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More on the Casamayor controversy

Scott Christ is the managing editor of Bad Left Hook and has been covering boxing for SB Nation since 2006.

I wondered earlier on if anyone out there besides Frank Lombardi and Ron McNair thought that Joel Casamayor won his alleged fight against Jose Armando Santa Cruz on Saturday night. I even wondered if anyone thought it was as close as Tony Paolillo did.

Turns out, nope.

Again, I had it 117-110 for Santa Cruz. Harold Lederman had it 118-109.

To paint just how big of a robbery this was, I decided to gather the thoughts of several others that watched the fight. No one -- no one -- thinks Casamayor won, or that it was close.

Dan Rafael, ESPN: "The ghosts of the first Lennox Lewis-Evander Holyfield fight must have awakened inside Madison Square Garden because, like that draw that robbed Lewis of the undisputed heavyweight championship, this disgusting split decision for Casamayor blatantly robbed Santa Cruz of the true lightweight championship. It's one of the worst decisions we've ever witnessed. And we're not talking about a close fight, either. The prevailing scores at ringside had it 11-1 or 10-2 in rounds for Santa Cruz. That means it was a total wipeout, but not according to judges Ron McNair and Frank Lombardi, who incredibly had it for Casamayor. They ought to be ashamed of themselves, and forced to explain their cards to New York commission chairman Ron Scott Stevens. Even the scorecard of Tony Paolillo, which favored Santa Cruz, was horrible. He should also be benched for having it so close."

Eric Raskin, MaxBoxing: "Good news for boxing writers: We have a new horrendous modern decision to reference so we can stop comparing every outrageous outcome to Courtney Burton-Emanuel Augustus. The scoring in the Joel Casamayor-Jose Armando Santa Cruz fight wasn't just bad; it was unfathomable. I had it 119-110 Santa Cruz, in the same neighborhood as Harold Lederman and most of the ringside press. If by chance I was a judge who didn't care one bit about holding and didn't care one bit about fighting in reverse, and was judging the fight based solely on the punching, maybe I could see giving Casamayor three or four rounds. But that's the maximum. The judges gave him seven, seven, and six rounds. Absolutely pathetic."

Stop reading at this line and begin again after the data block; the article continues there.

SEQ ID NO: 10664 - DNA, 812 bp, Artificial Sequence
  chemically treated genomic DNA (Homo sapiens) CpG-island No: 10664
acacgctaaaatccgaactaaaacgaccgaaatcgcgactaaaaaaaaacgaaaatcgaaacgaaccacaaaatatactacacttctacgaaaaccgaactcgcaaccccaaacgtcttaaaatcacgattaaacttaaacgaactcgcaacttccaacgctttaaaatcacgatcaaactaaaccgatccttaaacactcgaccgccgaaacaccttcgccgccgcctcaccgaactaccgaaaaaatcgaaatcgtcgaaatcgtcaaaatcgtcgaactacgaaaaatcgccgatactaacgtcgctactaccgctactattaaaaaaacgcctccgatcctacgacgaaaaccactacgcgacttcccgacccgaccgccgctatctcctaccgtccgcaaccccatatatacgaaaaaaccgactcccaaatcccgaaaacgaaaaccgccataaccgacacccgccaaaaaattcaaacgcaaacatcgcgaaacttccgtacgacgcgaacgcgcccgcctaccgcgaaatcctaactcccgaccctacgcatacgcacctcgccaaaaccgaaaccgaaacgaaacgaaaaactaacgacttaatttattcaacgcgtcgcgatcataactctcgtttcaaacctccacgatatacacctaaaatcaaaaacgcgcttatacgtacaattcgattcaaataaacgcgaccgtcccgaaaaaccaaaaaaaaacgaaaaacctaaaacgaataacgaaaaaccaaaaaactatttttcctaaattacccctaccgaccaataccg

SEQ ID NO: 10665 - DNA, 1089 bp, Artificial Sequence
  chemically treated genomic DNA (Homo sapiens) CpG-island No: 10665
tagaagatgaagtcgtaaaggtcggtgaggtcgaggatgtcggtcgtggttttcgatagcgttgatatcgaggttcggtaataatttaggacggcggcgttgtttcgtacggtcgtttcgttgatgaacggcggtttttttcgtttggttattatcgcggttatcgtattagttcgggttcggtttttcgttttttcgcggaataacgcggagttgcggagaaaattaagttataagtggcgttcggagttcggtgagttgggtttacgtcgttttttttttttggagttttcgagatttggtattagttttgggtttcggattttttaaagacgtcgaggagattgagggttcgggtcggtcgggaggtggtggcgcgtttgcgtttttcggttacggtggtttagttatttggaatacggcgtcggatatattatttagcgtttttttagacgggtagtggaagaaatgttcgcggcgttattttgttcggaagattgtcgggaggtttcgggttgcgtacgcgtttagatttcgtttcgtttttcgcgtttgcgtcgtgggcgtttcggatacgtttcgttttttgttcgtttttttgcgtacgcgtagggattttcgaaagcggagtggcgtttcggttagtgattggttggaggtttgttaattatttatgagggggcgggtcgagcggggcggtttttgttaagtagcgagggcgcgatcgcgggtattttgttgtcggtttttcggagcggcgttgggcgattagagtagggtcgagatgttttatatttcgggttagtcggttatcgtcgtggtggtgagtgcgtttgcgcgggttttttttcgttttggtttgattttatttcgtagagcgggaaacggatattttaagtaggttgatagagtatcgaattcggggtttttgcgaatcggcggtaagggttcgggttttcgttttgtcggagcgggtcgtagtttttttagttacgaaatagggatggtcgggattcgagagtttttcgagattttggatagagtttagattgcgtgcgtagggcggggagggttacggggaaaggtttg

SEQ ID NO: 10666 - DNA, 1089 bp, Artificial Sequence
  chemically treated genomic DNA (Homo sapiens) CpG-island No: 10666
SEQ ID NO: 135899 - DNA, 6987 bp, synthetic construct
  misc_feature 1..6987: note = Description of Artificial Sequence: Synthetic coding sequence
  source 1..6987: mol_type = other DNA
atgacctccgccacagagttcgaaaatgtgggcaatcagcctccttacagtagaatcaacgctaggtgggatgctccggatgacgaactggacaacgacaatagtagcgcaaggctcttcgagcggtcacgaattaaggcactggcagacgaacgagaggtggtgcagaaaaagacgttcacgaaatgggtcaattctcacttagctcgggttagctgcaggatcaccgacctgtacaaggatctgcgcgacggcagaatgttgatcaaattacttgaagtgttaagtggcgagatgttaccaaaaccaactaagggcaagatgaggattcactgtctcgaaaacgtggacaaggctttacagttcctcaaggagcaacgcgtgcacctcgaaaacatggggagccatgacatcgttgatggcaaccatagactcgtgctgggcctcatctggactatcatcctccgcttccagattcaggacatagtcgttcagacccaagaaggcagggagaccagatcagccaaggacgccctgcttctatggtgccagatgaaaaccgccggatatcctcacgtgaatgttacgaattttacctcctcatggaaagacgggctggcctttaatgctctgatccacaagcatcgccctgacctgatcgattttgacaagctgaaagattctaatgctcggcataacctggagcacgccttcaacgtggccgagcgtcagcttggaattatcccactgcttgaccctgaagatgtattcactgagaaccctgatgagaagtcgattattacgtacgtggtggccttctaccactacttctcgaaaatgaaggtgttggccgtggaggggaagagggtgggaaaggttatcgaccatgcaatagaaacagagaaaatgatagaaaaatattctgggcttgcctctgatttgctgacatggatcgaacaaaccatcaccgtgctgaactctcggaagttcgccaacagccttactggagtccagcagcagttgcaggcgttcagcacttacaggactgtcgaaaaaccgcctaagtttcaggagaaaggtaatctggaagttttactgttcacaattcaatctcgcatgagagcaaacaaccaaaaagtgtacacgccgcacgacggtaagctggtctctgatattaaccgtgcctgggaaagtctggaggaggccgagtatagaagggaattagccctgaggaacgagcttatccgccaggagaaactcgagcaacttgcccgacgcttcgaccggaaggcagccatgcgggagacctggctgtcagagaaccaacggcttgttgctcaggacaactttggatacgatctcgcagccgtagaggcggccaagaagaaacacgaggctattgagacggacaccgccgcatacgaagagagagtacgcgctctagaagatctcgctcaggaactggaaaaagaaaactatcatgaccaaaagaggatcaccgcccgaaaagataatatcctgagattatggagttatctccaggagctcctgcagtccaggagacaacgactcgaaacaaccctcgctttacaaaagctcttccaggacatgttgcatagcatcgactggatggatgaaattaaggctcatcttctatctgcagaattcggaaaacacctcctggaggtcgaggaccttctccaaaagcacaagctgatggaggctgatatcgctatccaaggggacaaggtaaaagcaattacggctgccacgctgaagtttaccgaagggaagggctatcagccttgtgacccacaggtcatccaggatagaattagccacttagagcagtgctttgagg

Tim Starks, Seven Punch Combo: "The Joel Casamayor win over Jose Armando Santa Cruz featured by far the worst decision by three judges I've ever seen with my own eyes in real time. I scored it 119-107 for Santa Cruz, and most everyone who scored it on press row had it about the same. ... Casamayor did nothing. Nothing. Since when do you get points for running away from someone? His punches, when he bothered to throw them, lacked steam. He was rusty from a 13-month layoff, and, maybe, just plain old at 36. The only thing Casamayor did of note was avoid getting clobbered when he accidentally got caught between the ropes at one point and dodged Santa Cruz's punches Matrix-style by bending halfway over."

Taj Eubanks, East Side Boxing:  "For twelve rounds Casamayor, who has dedicated himself in recent months to heaping ridicule upon other top fighters such as Juan Diaz, Manny Pacquiao and Julio Diaz, , hugged like a bear and ran like tap water. He even suffered an official knockdown in round one. For someone who constantly derides his potential opponents as being 'bums', Casamayor turned in a deplorable performance. The rangier, fresher Santa Cruz backed Casamayor all night, while the 'champion' was content to backpedal. The fight was so one-sided in fact that one cannot even make a case for a draw, much less a Casamayor victory." (East Side's Matthew Hurley had it 119-109 for Santa Cruz.)

Bill Calogero, Boxing Scene: "One of the most outrageous, and sickening decisions I think I have ever witnessed in over twenty-five years in the business. ... This fight was not even close! ... I am not sure what fight (the judges) were watching and I am shocked that the NYSAC could allow this to happen. To say this was a joke is a complete understatement." (Boxing Scene scored the bout 118-109 for Santa Cruz.)

Jim Lampley, HBO: "Just when you think you've seen everything, just when you think you've seen decisions so bizarre that you think you'll never see anything worse than that, along comes something like this."

Emanuel Steward, HBO: "This was a bad, disgusting decision -- and that's putting it mildly."

Corey T. Willinger, Inside Pulse: "By the end of the fight, Casamayor's face had been bludgeoned by the harder shots from Santa Cruz, yet it was the sport itself who again received the biggest black eye when Casamayor was inexplicably announced the winner."

And that's just a start, really. Nobody had this fight for Joel Casamayor. Nobody thought it was even close.

Casamayor was already pretty hard to like a lot of the time. I think that he is (well, was) a hell of a good boxer, at times great. But he has always been brash and very arrogant. And it's not even that I think Joel Casamayor deserves the blame for this -- he deserves the blame for the fight being terrible, since it was his doing by refusing to fight Santa Cruz, but he didn't fill out the scorecards.

I no longer think Casamayor should even be remotely discussed as the best 135-pounder in the world. That performance was rotten. He may not even be top 10, because I wouldn't have Santa Cruz that high, and Santa Cruz beat him soundly. He is, though, the true lightweight champion. And that is an utter disgrace.

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